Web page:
Rooting Hibiscus From Cuttings - by Buddy 7/2011

Paul Buddy Short is an experienced hibiscus grower, an active member of the National American Hibiscus Society and the local Mike Bernard Acadiana Hibiscus Chapter.
6 or 7 years ago I posted to the yahoo and asked, "the dreaded question", is it better to graft or own root? I didn't realize at the time that it was such a controversial topic. Frankly, I didn't care. I was just trying to duplicate some of my plants and trying to come up with the easiest way for ME. Of course, that started a debate. I never really understood why and I'm not sure that I understand it today.
Here's a question for you.....if 9+ out of 10 plants will "own root" why would you have to learn to graft? To me the answer is simple. You really don't. Many of you know that I live close to Dupont nursery. 99+ out of 100 Dupont plants are own roots. I think Curt Sinclair has about the same percentage and probably others own root as well. Pretty good percentage to me.
I actually do both methods but stick far more cuttings than I do grafts. I took a few pictures for you this morning to demonstrate grafting and the own root process. I will do my best to explain a few things that I have learned in hopes that they may help you. of our chapter members asked me if I would graft a K Loa Point for her. Looks like it was successful. She asked, I complied. some wood from a far away friend. Rehydrated the wood and grafted it. That's one very good reason to graft. I think Gail in South Africa however tries her own method of water rooting with shipped wood. Maybe she will resurrect that discussion.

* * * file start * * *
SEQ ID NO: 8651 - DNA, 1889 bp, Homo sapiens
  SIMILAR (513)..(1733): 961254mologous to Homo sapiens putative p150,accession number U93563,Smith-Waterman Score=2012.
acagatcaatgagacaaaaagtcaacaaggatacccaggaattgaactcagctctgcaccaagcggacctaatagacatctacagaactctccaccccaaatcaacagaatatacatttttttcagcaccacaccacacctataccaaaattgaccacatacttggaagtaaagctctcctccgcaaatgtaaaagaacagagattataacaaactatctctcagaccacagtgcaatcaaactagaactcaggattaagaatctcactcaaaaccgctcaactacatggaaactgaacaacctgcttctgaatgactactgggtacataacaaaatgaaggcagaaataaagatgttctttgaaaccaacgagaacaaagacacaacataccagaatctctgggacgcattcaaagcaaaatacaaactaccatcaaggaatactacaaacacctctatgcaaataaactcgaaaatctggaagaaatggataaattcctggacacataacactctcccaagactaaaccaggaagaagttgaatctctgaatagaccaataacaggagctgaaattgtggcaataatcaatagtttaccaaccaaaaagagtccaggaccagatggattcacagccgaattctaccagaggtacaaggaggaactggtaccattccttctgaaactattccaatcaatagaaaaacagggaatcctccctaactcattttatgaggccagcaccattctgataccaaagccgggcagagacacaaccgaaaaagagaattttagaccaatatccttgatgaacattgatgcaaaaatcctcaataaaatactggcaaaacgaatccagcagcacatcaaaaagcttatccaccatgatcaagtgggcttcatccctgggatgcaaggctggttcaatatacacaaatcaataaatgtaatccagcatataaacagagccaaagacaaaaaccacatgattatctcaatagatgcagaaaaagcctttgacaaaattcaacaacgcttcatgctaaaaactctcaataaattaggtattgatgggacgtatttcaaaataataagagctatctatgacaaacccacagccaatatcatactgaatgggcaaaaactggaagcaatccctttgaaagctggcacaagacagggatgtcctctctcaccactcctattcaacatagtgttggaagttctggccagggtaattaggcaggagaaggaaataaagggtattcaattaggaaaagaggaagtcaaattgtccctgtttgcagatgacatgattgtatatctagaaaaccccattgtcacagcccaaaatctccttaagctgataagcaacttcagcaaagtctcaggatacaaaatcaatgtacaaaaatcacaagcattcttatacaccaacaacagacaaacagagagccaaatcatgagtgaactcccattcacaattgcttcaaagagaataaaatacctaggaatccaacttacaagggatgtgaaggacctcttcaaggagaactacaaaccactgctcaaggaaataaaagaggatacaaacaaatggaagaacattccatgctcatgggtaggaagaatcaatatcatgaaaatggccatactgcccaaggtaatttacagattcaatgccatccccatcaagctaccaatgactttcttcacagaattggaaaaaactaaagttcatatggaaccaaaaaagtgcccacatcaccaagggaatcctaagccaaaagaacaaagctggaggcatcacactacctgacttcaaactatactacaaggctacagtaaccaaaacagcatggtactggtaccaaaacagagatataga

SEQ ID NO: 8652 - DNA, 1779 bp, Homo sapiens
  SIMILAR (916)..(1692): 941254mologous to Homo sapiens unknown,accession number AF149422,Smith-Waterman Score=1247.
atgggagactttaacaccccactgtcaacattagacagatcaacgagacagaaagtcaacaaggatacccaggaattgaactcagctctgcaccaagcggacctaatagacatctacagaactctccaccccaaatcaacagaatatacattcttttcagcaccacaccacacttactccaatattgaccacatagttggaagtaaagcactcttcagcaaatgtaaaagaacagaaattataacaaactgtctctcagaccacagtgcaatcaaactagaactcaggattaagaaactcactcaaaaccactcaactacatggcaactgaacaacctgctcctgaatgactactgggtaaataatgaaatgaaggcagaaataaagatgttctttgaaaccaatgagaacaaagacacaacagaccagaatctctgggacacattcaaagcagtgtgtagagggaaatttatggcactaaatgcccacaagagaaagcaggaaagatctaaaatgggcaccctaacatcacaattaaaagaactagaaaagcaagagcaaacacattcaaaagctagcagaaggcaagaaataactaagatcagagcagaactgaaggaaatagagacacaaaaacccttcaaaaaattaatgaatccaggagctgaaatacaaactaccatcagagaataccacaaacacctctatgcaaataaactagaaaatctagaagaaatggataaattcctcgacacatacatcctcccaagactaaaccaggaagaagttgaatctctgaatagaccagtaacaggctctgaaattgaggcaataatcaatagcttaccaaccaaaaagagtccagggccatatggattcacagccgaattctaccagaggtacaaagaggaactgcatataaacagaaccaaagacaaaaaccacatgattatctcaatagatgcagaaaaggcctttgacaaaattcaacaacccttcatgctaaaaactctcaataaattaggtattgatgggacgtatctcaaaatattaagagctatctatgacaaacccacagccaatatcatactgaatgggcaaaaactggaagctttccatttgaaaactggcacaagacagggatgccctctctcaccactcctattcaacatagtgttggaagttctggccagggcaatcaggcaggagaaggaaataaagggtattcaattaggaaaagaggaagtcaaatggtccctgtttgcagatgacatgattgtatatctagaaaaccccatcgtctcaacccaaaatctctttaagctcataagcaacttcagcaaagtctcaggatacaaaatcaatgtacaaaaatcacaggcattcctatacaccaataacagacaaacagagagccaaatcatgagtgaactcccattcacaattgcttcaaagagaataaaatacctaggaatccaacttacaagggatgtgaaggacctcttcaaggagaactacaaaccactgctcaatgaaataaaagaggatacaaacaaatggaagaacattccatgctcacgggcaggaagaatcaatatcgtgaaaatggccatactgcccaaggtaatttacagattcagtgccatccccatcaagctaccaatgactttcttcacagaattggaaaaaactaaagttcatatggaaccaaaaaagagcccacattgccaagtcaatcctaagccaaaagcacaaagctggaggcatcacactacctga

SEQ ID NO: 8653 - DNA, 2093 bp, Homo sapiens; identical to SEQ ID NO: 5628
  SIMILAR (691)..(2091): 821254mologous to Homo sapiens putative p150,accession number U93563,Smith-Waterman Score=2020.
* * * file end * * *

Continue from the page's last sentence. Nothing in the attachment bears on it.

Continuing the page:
3..look at these cuttings. This picture has several methods in play. First I cut my plants back by going down to where the wood starts turning brown. I then cut the branch up in several pieces trying to leave some leaves on the top of each cutting. The leaves are then peared back. Before I stick the cuttings I mix up a bucket of Clorox/water 1 to 10 and soak or wash off the cuttings before I stick them in whatever mix I will use. I like doing this to possibly prevent fungus.
Note the green cuttings in that tray of rubber dirt. They have been there for about 3 weeks. I have noted that if they remain green or alive for about 2 weeks they have a great chance of rooting. The tray sits under my shade cloth and gets moisture from afternoon showers or from my cool down spray from the hose. Above that tray are individual cuttings in 4 inch pots of pure peatmoss. Nothing else and easy. About half of those are taking. Anyone can do this.'s a dark shot of some garden variety I stuck in my regular potting mix for root stock. They took and look rather healthy to me.'s another shot of multiple cuttings from one plant stuck in my regular potting mix. Simple. If I get one to take I'm happy. Chances are I will get several.
 6..I cut this plant this morning by going down to the brown wood. Chopped up the branches, soaked them for about 1 hour in my clorox mix, and stuck them in the rubber dirt. I don't care what percentage takes. I only want a few anyway. I will probably give these plants away.
7..notice this pruned plant and how the new growth is coming out. Won't be long before some new buds will start popping.
Conclusion.....don't be afraid to go outside the box occasionally. You may find out that the new procedure is just as effective and much easier than the written word.......still learning Buddy